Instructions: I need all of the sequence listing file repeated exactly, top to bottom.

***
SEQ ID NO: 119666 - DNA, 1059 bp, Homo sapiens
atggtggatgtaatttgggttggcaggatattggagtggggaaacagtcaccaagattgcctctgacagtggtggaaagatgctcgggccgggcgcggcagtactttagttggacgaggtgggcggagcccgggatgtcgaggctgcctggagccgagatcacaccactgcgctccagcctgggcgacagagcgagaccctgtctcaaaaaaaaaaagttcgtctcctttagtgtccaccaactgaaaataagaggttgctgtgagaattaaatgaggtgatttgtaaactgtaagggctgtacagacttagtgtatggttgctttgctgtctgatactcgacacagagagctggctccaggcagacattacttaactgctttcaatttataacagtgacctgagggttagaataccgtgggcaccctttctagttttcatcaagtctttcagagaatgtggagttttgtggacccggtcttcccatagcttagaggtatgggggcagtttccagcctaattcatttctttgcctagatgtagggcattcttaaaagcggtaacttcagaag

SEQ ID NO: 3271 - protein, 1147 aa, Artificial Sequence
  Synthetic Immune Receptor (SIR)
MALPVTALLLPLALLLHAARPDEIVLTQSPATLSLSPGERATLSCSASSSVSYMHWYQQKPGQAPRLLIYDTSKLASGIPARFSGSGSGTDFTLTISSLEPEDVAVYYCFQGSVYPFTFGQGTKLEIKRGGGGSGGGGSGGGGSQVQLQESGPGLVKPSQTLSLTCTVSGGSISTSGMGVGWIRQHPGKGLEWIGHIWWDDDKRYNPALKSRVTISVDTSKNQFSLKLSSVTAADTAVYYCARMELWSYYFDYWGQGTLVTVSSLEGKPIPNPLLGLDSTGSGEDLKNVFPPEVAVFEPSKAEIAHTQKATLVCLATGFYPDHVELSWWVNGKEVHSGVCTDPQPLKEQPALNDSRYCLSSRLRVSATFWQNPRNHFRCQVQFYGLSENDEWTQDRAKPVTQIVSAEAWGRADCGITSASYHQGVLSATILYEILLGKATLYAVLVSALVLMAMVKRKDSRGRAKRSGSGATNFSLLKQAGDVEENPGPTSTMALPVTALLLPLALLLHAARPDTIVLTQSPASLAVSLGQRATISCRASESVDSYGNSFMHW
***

SEQ ID NO: 119666 - DNA, 1059 bp, Homo sapiens
atggtggatgtaatttgggttggcaggatattggagtggggaaacagtcaccaagattgcctctgacagtggtggaaagatgctcgggccgggcgcggcagtactttagttggacgaggtgggcggagcccgggatgtcgaggctgcctggagccgagatcacaccactgcgctccagcctgggcgacagagcgagaccctgtctcaaaaaaaaaaagttcgtctcctttagtgtccaccaactgaaaataagaggttgctgtgagaattaaatgaggtgatttgtaaactgtaagggctgtacagacttagtgtatggttgctttgctgtctgatactcgacacagagagctggctccaggcagacattacttaactgctttcaatttataacagtgacctgagggttagaataccgtgggcaccctttctagttttcatcaagtctttcagagaatgtggagttttgtggacccggtcttcccatagcttagaggtatgggggcagtttccagcctaattcatttctttgcctagatgtagggcattcttaaaagcggtaacttcagaag

SEQ ID NO: 3271 - protein, 1147 aa, Artificial Sequence
  Synthetic Immune Receptor (SIR)
MALPVTALLLPLALLLHAARPDEIVLTQSPATLSLSPGERATLSCSASSSVSYMHWYQQKPGQAPRLLIYDTSKLASGIPARFSGSGSGTDFTLTISSLEPEDVAVYYCFQGSVYPFTFGQGTKLEIKRGGGGSGGGGSGGGGSQVQLQESGPGLVKPSQTLSLTCTVSGGSISTSGMGVGWIRQHPGKGLEWIGHIWWDDDKRYNPALKSRVTISVDTSKNQFSLKLSSVTAADTAVYYCARMELWSYYFDYWGQGTLVTVSSLEGKPIPNPLLGLDSTGSGEDLKNVFPPEVAVFEPSKAEIAHTQKATLVCLATGFYPDHVELSWWVNGKEVHSGVCTDPQPLKEQPALNDSRYCLSSRLRVSATFWQNPRNHFRCQVQFYGLSENDEWTQDRAKPVTQIVSAEAWGRADCGITSASYHQGVLSATILYEILLGKATLYAVLVSALVLMAMVKRKDSRGRAKRSGSGATNFSLLKQAGDVEENPGPTSTMALPVTALLLPLALLLHAARPDTIVLTQSPASLAVSLGQRATISCRASESVDSYGNSFMHW